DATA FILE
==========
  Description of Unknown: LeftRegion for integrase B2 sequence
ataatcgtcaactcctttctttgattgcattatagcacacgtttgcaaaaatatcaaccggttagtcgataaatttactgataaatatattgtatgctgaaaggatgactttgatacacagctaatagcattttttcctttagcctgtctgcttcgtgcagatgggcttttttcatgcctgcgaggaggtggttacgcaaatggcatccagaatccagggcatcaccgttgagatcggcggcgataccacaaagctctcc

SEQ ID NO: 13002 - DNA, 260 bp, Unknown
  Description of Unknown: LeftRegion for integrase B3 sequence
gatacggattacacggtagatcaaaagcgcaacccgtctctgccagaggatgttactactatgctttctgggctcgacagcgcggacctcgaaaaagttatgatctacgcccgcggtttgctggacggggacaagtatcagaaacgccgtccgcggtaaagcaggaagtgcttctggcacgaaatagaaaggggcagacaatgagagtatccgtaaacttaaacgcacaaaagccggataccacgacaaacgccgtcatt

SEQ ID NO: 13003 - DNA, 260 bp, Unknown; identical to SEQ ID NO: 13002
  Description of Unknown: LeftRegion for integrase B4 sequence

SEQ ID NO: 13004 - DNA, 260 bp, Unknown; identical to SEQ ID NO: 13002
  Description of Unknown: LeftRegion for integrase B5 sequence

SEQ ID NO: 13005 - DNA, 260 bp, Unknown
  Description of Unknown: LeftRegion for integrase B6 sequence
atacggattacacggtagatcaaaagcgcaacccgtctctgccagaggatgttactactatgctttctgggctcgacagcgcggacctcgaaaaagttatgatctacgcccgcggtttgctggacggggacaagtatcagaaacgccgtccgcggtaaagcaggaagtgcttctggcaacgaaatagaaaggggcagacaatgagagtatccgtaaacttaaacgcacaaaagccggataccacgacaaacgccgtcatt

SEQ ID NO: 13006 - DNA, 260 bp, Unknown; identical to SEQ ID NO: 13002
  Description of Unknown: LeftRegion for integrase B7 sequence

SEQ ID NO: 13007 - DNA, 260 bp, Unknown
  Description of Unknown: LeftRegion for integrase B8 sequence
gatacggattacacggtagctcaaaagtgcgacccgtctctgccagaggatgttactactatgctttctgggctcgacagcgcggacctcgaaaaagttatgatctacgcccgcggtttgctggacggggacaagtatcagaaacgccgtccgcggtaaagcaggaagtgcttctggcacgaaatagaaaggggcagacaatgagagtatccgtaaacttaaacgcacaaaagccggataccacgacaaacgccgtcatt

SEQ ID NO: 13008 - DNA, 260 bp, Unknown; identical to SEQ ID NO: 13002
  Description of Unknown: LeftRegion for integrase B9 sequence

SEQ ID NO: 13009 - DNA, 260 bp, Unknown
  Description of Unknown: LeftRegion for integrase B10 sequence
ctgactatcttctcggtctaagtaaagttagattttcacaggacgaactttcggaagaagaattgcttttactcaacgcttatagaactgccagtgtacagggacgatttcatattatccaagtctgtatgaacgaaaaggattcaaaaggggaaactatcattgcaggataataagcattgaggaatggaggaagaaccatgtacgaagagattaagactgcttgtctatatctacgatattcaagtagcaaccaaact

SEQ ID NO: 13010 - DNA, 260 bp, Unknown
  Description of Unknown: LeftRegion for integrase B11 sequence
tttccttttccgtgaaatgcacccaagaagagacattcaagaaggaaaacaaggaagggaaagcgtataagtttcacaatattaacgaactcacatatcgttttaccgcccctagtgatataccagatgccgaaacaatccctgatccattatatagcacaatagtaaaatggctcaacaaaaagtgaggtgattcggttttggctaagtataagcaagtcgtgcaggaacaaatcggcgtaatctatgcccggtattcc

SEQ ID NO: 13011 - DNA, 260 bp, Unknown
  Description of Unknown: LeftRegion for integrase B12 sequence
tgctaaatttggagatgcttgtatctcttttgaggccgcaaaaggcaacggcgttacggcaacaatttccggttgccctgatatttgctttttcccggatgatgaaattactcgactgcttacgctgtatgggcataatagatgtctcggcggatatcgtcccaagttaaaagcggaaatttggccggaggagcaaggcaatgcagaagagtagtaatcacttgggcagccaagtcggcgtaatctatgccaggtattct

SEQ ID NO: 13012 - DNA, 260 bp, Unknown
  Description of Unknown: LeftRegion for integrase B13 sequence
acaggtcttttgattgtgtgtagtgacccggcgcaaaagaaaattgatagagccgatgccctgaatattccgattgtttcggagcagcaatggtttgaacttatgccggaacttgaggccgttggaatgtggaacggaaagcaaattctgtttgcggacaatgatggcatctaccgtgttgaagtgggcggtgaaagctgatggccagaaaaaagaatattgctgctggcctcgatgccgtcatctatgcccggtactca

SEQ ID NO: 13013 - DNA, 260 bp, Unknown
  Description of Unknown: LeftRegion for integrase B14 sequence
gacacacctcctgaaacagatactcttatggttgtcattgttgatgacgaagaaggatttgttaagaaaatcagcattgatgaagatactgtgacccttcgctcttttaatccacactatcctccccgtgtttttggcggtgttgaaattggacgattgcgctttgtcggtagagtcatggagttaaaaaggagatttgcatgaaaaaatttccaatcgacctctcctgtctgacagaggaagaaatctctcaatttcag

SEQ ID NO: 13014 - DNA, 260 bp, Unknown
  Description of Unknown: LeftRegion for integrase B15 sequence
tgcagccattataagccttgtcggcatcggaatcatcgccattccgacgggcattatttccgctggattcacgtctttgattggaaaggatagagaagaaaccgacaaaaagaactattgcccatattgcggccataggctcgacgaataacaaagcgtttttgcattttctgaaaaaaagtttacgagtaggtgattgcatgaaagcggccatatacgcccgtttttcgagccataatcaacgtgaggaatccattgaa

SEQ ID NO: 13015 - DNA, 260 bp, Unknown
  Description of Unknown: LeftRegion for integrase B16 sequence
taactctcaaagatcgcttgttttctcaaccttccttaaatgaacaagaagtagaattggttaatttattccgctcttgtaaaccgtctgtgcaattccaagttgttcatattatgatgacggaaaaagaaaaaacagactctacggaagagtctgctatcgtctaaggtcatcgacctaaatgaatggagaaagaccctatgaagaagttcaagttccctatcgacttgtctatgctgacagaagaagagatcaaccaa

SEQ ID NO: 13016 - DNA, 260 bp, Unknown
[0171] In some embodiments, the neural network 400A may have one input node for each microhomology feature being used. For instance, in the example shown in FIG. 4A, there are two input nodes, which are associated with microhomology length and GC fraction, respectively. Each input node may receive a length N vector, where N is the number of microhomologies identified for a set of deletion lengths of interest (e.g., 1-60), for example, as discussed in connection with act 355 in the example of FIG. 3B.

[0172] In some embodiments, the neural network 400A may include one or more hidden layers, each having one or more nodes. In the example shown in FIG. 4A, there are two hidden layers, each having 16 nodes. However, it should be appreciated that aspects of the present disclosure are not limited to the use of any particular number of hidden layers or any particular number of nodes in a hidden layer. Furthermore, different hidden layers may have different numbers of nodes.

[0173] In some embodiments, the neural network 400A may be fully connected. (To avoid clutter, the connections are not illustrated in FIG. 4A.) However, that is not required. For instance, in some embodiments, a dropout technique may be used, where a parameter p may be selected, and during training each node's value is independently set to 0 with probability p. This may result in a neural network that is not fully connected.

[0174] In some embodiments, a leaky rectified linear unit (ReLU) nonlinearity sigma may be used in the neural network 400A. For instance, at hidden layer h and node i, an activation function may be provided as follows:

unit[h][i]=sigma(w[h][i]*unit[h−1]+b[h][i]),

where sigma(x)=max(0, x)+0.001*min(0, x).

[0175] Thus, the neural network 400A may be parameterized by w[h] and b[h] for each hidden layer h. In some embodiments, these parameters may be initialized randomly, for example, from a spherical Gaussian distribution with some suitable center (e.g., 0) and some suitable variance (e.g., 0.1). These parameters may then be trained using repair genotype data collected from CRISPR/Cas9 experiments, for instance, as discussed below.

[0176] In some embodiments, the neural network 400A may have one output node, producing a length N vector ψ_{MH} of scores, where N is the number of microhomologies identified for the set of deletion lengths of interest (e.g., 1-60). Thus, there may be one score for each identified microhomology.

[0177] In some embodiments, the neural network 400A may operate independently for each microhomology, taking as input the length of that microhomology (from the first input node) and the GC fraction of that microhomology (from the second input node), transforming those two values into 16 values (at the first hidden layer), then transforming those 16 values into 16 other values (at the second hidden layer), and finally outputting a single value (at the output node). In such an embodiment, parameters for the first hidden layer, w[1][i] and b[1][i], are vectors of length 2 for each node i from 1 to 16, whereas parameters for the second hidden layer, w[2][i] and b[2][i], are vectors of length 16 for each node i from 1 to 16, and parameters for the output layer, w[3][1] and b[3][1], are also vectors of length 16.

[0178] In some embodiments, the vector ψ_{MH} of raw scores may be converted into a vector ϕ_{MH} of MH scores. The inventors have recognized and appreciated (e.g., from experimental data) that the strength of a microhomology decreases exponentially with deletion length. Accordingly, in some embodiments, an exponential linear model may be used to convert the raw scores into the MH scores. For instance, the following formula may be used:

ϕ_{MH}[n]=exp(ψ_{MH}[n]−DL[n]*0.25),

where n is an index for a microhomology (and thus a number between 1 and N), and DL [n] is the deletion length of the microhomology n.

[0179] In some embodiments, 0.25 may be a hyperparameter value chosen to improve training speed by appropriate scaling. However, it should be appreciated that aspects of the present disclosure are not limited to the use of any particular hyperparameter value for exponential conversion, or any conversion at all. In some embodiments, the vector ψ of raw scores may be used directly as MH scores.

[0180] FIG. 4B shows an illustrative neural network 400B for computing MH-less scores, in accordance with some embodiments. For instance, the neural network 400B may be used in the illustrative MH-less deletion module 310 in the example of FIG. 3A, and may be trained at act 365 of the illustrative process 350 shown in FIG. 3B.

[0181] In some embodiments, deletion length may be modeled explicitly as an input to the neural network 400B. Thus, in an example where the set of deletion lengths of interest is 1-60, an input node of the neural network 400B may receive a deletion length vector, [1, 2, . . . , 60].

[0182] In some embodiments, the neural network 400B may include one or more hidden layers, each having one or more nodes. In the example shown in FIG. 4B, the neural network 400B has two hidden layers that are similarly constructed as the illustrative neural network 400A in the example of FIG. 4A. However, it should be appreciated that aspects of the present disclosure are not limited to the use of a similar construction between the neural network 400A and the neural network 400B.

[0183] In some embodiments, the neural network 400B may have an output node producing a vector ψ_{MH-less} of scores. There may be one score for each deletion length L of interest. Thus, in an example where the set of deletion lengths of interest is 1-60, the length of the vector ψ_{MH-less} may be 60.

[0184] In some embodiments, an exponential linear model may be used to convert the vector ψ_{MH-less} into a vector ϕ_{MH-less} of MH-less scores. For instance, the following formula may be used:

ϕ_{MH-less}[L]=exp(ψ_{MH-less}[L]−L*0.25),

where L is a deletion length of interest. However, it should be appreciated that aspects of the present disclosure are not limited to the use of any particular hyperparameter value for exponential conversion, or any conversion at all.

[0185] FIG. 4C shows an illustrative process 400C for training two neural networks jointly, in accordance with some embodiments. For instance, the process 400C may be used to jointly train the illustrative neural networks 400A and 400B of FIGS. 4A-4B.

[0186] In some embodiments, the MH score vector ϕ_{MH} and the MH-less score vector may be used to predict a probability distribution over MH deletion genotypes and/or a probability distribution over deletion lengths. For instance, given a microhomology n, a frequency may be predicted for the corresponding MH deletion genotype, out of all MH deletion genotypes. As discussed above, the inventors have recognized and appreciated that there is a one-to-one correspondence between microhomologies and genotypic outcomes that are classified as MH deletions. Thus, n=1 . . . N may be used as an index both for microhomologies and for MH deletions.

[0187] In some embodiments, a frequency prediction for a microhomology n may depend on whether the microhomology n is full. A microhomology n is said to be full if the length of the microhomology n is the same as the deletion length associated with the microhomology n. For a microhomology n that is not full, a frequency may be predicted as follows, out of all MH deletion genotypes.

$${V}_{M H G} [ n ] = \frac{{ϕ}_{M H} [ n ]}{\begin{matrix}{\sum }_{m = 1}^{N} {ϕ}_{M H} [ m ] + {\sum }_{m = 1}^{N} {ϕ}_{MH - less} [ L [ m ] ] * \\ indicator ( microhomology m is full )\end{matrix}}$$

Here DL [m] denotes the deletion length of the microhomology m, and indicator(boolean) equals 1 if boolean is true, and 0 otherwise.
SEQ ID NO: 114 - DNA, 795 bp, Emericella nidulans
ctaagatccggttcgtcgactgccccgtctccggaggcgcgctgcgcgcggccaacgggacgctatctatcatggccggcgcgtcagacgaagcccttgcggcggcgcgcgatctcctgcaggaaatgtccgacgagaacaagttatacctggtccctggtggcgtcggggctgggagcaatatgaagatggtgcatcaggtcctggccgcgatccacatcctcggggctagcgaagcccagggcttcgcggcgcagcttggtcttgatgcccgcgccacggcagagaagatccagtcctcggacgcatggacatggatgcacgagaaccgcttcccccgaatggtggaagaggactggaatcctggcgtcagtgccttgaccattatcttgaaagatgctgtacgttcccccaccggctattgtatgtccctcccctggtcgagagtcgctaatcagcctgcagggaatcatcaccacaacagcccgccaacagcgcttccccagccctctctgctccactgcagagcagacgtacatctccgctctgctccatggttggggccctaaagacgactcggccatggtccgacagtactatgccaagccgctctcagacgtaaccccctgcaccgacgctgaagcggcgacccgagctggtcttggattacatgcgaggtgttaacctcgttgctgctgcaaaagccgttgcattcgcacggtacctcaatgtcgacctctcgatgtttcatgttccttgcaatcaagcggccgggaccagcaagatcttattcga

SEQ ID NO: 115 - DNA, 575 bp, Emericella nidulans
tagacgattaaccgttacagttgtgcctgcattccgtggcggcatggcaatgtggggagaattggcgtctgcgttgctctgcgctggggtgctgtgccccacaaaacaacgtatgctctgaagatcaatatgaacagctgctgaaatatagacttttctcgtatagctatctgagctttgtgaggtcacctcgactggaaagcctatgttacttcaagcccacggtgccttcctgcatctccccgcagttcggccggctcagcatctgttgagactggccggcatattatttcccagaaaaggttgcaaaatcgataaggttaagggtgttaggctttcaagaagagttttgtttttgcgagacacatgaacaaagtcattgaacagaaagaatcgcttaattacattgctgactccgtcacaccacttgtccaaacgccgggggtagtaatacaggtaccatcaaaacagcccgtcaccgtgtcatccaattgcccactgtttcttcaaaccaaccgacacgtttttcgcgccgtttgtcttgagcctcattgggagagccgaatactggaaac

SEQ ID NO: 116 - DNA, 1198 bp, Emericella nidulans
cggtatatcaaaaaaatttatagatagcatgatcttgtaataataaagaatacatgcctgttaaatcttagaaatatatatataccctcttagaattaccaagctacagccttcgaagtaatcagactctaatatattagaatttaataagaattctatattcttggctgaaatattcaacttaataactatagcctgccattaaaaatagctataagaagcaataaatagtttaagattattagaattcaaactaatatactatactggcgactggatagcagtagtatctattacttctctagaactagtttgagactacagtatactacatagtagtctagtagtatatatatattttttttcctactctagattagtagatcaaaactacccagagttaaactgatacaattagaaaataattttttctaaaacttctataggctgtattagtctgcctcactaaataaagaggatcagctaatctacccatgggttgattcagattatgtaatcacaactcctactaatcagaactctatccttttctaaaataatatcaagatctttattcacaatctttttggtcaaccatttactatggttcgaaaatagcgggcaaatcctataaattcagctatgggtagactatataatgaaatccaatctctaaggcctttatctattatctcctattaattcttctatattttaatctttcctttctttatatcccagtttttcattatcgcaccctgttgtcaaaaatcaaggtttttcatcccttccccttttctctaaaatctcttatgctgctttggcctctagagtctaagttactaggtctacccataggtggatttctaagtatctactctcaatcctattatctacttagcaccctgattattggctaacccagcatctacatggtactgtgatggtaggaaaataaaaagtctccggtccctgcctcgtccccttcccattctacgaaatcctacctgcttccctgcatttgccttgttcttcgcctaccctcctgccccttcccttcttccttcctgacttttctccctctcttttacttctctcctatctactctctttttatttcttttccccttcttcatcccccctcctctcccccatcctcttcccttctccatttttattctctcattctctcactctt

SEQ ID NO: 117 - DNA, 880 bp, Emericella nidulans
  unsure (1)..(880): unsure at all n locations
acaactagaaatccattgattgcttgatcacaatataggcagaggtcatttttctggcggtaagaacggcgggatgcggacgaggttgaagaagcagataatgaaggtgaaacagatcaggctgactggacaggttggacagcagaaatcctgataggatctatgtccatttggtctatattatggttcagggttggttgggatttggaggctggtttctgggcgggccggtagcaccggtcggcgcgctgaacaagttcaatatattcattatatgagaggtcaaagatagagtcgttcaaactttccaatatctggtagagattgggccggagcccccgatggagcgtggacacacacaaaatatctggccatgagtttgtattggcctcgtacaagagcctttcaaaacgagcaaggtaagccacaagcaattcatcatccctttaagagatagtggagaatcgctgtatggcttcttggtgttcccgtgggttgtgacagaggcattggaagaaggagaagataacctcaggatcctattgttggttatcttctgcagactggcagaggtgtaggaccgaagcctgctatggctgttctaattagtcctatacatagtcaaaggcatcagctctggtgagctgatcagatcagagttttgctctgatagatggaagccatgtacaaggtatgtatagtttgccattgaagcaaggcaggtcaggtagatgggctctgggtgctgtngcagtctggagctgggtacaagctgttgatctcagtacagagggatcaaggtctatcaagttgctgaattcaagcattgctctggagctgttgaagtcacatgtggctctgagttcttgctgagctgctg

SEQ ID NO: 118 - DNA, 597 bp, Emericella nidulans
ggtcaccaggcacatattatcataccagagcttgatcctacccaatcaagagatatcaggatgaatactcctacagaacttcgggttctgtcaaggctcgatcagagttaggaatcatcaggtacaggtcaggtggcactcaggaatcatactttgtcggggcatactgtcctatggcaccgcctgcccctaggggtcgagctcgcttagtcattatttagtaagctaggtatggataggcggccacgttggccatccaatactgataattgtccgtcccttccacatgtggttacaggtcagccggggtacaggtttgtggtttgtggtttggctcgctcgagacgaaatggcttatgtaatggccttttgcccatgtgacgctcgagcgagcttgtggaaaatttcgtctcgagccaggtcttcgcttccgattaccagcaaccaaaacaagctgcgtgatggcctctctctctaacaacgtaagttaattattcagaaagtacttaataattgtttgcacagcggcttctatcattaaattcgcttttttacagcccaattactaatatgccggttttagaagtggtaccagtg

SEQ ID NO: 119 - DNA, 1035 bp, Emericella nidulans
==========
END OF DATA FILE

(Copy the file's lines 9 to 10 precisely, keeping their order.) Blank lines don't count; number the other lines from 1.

  Description of Unknown: LeftRegion for integrase B5 sequence

SEQ ID NO: 13005 - DNA, 260 bp, Unknown